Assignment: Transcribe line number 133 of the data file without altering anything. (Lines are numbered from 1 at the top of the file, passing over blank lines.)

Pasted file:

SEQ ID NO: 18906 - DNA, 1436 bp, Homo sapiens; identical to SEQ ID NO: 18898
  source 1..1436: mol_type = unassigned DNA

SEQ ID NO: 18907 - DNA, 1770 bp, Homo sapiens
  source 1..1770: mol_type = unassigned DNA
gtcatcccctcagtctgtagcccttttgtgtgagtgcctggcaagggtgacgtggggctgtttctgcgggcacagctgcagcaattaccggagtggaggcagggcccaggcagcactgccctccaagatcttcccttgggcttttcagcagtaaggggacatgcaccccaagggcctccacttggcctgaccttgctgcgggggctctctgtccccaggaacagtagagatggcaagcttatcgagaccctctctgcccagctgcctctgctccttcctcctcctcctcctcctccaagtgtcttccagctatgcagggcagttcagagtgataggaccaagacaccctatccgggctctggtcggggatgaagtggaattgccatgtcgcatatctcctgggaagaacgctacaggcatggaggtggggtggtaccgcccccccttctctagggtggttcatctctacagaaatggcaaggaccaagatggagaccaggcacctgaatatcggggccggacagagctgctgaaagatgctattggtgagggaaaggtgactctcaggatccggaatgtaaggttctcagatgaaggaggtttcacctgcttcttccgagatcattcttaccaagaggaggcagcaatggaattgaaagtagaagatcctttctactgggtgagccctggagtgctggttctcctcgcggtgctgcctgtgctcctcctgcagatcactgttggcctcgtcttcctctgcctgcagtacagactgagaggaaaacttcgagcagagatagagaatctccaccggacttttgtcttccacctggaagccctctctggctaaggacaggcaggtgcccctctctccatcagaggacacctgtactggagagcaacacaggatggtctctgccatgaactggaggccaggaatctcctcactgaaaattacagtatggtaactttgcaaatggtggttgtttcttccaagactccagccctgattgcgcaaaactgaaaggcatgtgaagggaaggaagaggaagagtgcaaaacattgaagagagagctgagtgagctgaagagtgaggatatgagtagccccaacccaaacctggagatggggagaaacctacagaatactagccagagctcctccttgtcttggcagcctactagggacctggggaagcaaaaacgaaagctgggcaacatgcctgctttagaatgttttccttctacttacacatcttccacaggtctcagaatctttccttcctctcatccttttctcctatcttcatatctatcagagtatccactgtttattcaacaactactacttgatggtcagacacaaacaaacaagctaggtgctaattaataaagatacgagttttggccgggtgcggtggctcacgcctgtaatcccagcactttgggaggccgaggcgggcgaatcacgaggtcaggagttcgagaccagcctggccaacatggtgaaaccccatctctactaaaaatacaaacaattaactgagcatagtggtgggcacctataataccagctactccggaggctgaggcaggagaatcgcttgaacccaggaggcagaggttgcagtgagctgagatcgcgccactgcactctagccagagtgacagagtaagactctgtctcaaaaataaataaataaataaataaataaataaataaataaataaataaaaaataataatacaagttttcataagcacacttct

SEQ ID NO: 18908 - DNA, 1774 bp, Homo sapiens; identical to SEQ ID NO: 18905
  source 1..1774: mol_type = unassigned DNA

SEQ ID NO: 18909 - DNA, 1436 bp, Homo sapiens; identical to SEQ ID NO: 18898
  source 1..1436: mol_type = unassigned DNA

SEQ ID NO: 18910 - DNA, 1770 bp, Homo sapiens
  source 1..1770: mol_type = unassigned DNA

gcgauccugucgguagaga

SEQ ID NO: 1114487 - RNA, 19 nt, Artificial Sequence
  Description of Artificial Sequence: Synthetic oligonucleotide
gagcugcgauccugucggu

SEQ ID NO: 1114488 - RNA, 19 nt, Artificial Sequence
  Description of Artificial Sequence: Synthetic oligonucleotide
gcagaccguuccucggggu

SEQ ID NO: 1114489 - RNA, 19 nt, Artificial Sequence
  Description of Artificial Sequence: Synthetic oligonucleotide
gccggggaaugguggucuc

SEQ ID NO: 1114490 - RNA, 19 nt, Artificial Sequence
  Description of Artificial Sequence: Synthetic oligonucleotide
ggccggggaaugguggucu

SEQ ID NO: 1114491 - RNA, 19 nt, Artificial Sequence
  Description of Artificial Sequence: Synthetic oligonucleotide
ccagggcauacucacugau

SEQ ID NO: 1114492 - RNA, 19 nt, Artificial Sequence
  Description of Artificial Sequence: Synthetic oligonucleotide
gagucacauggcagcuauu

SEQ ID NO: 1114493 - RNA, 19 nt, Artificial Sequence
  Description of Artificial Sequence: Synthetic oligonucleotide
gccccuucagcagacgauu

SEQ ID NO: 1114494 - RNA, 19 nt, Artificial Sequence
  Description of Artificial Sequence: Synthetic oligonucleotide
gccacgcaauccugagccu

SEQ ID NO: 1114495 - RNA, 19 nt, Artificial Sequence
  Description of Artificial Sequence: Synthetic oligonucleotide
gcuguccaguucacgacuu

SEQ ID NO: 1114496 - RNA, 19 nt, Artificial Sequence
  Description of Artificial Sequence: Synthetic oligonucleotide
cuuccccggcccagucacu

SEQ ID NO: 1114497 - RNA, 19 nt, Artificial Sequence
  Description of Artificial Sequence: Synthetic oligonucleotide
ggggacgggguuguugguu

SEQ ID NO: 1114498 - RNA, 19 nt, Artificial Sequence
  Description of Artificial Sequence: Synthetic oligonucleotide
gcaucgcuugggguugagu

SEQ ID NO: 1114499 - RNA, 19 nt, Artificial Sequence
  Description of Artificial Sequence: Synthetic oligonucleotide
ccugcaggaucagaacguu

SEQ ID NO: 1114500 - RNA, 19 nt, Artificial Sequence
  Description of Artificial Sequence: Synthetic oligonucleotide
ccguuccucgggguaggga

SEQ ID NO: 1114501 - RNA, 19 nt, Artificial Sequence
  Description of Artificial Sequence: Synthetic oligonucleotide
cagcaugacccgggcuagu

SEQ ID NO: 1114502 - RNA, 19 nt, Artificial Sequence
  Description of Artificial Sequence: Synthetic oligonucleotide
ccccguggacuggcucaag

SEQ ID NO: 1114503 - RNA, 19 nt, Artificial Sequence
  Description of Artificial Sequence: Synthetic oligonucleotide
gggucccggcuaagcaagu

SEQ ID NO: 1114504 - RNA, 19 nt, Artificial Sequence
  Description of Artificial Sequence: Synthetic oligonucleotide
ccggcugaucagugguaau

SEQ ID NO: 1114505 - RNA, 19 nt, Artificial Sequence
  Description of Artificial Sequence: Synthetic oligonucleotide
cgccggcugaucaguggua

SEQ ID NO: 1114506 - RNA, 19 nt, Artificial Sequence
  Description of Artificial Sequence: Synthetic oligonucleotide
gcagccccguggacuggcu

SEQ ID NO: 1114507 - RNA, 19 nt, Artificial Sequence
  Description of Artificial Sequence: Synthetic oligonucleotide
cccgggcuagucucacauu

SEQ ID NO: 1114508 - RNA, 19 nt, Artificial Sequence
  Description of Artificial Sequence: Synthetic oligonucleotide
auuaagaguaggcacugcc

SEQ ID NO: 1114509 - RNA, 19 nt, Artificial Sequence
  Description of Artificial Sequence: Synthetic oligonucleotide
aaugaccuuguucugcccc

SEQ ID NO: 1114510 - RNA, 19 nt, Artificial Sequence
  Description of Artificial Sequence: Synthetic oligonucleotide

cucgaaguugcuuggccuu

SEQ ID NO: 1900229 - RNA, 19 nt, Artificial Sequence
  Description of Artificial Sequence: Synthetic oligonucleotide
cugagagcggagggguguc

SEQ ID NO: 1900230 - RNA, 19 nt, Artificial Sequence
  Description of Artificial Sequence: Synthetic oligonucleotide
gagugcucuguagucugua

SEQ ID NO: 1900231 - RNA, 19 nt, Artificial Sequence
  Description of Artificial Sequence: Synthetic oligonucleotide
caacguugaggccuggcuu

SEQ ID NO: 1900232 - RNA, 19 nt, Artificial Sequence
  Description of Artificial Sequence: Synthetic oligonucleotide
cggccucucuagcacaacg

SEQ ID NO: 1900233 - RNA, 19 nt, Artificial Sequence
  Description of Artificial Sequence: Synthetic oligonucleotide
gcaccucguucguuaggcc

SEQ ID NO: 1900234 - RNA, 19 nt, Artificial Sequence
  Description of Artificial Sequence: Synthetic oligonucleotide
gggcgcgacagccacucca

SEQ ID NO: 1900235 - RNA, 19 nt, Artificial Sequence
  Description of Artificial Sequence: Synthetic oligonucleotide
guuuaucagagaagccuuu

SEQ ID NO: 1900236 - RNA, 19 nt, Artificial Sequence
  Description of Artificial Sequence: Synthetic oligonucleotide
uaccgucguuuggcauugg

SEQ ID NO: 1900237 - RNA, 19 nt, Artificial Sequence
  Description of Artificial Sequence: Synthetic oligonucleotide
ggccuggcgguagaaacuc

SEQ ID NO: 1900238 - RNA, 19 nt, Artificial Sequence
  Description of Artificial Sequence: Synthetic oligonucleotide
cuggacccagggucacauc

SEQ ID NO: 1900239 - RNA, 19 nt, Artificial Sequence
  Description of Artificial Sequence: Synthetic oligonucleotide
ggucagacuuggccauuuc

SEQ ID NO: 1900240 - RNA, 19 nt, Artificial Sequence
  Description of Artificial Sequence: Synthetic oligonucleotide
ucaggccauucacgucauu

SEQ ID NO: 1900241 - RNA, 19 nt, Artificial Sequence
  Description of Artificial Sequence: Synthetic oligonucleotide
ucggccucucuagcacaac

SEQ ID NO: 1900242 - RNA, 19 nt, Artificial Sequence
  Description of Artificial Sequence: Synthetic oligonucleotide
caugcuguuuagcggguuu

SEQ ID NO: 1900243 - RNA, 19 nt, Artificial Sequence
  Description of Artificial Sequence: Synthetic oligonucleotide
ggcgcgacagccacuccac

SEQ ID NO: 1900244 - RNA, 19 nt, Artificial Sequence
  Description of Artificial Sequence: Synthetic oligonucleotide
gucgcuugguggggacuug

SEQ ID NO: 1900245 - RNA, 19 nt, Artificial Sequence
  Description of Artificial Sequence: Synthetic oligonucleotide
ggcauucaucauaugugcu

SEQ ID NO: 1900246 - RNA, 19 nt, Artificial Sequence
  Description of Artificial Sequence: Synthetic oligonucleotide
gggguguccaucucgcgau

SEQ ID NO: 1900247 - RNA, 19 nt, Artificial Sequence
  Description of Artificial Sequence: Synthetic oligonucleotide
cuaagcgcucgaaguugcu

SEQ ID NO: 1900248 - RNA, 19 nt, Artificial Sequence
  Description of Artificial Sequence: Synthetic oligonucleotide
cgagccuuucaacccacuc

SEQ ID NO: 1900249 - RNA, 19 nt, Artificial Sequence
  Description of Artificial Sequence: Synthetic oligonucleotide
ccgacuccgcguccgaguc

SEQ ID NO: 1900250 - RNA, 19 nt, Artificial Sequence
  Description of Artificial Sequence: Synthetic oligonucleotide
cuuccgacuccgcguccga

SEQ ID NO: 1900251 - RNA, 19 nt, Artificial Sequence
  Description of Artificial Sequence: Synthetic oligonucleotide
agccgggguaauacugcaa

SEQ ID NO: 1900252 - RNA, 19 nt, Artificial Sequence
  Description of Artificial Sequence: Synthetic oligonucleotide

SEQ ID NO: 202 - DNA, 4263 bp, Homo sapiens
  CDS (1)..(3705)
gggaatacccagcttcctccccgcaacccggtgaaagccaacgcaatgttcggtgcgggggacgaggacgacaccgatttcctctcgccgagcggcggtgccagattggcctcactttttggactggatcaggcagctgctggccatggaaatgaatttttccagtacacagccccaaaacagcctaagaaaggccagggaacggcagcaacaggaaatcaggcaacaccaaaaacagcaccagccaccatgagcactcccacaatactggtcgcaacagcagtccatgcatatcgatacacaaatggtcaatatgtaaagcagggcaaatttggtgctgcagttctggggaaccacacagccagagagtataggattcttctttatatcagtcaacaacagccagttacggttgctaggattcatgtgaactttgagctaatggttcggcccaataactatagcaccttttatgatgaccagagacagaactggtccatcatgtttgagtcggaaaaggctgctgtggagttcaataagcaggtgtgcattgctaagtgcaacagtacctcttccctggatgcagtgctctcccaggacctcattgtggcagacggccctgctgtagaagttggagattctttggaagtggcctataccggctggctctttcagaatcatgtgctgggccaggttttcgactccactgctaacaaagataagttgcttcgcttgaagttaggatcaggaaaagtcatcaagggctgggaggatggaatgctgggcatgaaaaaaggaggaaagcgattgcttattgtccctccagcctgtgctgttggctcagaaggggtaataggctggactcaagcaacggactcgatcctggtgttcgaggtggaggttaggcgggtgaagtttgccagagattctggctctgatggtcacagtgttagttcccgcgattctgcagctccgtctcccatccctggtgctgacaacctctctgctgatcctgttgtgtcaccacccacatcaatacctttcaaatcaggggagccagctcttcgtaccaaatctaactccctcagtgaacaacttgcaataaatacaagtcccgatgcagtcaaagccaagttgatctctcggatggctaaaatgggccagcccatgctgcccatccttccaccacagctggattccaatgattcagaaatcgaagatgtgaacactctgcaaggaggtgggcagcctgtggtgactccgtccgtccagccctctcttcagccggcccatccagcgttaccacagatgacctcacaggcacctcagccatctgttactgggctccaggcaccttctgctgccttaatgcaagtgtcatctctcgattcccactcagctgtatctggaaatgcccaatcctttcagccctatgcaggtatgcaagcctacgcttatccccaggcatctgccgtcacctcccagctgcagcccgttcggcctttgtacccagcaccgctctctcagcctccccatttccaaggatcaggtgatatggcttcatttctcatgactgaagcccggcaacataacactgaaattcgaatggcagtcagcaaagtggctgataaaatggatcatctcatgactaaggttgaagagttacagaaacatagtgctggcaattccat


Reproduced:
SEQ ID NO: 1900245 - RNA, 19 nt, Artificial Sequence